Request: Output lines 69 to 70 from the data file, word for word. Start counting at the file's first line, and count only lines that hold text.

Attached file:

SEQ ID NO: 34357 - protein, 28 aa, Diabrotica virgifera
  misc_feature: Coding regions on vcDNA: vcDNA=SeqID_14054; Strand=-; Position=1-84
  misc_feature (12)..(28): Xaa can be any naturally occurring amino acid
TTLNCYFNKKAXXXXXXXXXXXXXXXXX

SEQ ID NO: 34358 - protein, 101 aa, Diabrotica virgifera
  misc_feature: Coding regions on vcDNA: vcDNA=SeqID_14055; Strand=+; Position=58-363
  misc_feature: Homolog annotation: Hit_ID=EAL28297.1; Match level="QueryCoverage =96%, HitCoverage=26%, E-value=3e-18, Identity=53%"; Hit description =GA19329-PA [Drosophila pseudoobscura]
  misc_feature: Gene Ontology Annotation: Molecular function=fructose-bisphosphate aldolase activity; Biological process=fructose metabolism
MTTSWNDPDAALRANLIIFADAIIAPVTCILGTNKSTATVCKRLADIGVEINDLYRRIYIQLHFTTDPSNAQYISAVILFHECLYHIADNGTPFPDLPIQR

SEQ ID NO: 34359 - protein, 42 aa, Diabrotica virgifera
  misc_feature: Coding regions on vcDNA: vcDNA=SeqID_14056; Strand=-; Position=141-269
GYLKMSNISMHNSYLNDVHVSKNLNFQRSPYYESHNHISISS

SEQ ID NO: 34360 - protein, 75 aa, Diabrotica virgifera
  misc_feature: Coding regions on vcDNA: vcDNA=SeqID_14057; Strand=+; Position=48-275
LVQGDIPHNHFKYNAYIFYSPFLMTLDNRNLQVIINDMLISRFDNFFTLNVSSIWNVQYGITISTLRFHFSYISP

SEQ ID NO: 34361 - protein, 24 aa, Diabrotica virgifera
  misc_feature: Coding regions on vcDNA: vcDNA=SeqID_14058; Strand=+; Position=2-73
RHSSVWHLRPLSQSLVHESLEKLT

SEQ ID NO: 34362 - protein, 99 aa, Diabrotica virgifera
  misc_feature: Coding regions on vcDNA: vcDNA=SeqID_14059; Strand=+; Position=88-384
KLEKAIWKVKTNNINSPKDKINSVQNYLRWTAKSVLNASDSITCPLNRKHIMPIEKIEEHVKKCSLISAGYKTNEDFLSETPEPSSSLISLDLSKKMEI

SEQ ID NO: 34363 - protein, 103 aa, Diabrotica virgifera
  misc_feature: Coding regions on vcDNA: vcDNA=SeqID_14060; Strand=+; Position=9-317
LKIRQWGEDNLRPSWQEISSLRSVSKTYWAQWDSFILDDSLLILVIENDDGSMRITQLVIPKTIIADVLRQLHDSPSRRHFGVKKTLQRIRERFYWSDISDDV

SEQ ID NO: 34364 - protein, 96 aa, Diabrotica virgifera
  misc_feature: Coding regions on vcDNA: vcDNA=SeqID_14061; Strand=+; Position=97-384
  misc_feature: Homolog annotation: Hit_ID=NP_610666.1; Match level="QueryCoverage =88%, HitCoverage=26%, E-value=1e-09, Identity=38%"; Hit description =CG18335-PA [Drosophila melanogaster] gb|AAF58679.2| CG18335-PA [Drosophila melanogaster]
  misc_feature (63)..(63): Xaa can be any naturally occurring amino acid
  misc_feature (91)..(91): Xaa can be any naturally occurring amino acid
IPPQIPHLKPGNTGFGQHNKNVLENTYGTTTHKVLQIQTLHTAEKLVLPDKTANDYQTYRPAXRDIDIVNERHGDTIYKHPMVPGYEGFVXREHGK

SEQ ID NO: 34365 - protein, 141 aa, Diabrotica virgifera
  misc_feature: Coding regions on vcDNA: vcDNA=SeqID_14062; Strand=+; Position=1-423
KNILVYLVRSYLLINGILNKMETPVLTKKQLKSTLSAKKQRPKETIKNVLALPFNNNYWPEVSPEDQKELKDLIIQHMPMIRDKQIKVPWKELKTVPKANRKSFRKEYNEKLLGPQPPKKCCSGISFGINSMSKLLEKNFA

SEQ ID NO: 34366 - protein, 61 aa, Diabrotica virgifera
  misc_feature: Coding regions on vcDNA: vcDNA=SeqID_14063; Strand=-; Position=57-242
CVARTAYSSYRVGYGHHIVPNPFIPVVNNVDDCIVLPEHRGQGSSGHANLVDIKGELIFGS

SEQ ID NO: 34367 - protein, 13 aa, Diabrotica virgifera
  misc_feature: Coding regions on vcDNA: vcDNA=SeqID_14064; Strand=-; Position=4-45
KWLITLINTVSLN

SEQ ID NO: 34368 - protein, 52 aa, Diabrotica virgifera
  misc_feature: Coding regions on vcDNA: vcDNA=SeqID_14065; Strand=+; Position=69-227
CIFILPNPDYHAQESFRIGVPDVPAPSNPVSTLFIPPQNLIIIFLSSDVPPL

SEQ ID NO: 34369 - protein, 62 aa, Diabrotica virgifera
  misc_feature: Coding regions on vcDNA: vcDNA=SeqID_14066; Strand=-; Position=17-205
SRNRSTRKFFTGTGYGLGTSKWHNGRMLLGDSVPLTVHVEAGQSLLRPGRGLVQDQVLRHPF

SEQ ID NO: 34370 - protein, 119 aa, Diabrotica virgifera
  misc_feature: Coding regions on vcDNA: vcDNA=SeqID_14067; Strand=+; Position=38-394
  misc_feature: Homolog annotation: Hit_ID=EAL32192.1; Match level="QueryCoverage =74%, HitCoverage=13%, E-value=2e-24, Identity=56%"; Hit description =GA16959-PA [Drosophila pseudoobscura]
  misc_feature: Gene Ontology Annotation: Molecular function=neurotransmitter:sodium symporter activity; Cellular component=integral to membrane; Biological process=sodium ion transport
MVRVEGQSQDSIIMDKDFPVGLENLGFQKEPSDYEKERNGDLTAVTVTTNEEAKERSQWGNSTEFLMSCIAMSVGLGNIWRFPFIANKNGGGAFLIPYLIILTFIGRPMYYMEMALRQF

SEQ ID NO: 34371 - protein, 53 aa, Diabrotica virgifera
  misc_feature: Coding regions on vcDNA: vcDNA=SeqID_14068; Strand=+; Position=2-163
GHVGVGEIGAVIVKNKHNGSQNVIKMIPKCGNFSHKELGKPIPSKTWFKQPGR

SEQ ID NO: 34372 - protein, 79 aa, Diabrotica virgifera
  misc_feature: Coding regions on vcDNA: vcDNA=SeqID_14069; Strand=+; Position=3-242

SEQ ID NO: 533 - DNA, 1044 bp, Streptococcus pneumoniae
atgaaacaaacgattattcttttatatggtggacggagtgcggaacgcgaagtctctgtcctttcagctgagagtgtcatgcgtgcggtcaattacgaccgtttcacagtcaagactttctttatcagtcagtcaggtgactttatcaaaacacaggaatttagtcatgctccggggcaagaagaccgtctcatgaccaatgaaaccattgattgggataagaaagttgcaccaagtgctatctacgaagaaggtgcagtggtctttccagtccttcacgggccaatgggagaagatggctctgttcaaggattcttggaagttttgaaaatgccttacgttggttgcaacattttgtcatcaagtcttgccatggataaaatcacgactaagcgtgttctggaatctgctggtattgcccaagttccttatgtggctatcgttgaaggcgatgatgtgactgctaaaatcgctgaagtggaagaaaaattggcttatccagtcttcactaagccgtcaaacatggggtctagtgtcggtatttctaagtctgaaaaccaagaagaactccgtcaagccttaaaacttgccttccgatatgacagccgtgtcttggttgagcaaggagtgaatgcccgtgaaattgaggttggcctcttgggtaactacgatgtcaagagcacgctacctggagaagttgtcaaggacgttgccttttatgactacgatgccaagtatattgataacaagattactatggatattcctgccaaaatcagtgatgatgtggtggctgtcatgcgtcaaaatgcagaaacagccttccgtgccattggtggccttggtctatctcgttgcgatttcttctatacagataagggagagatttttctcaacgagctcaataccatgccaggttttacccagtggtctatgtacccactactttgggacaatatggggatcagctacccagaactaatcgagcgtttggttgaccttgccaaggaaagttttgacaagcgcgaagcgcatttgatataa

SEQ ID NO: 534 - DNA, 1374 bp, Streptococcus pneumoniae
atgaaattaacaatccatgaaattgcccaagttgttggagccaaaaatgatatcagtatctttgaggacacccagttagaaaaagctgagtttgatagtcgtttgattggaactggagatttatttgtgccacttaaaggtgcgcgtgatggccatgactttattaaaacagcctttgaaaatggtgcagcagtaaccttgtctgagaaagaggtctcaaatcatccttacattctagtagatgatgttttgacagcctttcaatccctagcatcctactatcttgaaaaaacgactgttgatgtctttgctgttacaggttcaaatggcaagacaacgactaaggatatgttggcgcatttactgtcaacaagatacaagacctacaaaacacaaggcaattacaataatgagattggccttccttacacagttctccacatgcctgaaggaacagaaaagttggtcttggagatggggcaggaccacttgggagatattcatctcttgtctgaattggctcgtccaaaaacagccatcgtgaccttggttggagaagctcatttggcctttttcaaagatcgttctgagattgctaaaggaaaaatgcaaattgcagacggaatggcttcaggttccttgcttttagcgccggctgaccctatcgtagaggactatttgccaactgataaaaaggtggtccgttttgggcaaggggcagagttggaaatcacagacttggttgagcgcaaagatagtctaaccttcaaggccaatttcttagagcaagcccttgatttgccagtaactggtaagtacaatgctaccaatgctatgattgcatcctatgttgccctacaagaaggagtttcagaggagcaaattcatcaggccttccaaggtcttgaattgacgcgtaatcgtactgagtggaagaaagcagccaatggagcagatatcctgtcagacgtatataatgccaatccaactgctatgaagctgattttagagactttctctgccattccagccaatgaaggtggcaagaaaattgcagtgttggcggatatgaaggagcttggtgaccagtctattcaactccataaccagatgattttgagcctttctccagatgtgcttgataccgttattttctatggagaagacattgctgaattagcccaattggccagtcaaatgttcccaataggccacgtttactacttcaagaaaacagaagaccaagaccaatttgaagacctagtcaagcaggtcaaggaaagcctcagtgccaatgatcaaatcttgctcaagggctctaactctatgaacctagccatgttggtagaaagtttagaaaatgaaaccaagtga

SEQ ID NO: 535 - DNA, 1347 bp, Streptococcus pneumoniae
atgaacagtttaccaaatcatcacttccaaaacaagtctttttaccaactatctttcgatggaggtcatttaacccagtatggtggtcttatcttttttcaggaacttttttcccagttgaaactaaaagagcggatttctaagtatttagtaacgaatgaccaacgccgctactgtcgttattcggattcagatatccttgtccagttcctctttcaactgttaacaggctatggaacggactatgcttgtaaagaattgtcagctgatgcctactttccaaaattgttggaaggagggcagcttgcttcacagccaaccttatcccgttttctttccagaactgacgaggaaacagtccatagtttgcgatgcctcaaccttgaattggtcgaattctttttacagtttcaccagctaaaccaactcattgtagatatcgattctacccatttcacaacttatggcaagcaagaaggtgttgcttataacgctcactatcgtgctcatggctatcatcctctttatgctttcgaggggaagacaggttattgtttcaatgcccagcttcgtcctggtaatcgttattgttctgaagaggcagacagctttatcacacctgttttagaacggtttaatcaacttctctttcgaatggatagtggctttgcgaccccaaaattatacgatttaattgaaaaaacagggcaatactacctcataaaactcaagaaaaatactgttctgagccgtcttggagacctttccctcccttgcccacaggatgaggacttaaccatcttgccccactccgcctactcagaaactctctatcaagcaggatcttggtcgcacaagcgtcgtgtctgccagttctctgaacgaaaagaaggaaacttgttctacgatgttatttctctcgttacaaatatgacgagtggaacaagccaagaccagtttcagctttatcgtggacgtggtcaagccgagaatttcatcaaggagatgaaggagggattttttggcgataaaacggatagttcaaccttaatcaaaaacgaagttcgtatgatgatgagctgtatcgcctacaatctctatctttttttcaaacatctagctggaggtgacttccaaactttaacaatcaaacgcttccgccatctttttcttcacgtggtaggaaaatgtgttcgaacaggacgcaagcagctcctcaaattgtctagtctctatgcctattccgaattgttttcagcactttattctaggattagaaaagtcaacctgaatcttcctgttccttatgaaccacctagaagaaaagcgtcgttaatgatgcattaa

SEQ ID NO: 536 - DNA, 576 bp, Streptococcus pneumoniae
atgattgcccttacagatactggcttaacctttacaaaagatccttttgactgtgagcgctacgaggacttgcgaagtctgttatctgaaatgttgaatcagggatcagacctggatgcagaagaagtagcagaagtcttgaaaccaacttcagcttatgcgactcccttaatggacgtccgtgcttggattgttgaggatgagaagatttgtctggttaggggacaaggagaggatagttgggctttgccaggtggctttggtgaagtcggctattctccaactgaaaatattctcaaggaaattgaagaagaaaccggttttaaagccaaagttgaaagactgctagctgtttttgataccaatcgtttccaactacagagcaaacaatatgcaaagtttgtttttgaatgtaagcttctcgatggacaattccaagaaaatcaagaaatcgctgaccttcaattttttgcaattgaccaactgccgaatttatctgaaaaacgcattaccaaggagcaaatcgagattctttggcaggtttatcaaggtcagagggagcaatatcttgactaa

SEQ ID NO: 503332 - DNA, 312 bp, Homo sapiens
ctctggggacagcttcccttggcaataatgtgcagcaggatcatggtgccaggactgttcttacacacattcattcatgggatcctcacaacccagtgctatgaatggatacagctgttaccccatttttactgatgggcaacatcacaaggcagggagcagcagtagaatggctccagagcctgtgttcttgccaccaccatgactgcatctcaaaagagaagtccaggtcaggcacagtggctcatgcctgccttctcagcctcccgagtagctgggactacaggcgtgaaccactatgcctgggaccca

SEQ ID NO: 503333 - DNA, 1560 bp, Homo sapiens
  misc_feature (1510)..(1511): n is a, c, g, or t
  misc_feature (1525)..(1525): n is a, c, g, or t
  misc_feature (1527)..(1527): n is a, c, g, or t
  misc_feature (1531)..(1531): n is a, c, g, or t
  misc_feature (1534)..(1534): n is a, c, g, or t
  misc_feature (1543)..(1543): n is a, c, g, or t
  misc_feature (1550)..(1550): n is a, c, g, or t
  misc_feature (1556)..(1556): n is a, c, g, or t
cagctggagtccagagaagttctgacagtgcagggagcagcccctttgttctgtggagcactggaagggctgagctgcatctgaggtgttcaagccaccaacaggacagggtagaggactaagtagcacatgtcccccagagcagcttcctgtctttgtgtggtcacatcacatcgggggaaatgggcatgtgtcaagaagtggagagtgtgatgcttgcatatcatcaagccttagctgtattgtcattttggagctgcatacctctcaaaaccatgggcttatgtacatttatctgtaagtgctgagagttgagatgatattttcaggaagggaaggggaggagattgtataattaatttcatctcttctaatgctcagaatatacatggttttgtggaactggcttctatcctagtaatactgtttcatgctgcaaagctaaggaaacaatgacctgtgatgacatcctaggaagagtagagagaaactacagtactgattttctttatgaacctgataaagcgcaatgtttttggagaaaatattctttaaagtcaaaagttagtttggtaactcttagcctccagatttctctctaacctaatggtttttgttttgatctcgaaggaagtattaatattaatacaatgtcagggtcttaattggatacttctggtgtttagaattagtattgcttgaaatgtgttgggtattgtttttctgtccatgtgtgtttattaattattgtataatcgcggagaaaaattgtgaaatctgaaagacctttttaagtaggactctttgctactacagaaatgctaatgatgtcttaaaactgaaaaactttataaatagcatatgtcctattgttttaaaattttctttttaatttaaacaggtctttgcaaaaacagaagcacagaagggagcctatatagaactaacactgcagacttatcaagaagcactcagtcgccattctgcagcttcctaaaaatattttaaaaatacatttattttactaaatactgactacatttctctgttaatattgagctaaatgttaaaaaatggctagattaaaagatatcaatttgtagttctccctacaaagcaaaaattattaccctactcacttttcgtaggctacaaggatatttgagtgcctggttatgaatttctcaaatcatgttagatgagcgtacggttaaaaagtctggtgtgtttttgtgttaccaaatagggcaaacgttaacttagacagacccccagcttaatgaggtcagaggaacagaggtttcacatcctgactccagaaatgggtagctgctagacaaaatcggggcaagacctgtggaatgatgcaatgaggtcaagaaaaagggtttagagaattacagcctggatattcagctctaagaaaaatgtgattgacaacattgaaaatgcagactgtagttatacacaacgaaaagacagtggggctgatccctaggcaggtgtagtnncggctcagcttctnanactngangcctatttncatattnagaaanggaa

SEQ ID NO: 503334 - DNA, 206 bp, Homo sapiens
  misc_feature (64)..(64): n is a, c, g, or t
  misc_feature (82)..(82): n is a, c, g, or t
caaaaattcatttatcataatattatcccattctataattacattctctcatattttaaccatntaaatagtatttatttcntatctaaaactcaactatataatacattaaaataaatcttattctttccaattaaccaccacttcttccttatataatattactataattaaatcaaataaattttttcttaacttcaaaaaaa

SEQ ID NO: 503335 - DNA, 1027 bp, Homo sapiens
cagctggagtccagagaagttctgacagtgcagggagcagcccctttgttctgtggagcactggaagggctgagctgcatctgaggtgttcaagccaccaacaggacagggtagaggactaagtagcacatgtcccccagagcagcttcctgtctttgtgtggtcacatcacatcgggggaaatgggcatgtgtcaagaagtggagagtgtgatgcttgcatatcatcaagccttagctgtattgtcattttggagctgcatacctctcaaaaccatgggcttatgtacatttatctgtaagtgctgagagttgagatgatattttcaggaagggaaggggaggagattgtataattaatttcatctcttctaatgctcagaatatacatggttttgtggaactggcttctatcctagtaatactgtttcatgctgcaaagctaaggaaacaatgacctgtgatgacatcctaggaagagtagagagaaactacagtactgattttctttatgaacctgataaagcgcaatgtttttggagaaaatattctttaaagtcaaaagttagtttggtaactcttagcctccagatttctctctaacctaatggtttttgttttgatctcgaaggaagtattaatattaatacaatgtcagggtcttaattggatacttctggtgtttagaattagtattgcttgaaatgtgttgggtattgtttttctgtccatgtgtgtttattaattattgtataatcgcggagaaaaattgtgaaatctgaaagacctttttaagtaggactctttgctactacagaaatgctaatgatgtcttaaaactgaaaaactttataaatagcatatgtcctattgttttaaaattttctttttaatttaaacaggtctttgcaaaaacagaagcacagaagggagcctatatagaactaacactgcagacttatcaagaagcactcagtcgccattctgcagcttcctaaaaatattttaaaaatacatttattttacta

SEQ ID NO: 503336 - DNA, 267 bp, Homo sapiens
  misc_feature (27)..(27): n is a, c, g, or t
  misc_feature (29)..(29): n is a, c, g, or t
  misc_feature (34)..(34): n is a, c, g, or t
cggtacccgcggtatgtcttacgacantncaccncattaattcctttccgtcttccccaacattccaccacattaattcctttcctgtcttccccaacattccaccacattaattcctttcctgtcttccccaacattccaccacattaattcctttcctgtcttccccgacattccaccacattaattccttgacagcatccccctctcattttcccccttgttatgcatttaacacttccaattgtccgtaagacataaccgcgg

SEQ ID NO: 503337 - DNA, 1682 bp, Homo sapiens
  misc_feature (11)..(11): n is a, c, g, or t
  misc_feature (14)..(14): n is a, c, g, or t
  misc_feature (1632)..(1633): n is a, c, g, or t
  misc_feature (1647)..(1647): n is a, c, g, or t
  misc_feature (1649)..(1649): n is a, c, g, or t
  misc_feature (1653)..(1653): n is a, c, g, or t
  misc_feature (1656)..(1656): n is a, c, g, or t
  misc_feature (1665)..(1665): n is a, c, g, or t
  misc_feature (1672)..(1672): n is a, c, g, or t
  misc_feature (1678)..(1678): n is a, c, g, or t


  misc_feature (1527)..(1527): n is a, c, g, or t
  misc_feature (1531)..(1531): n is a, c, g, or t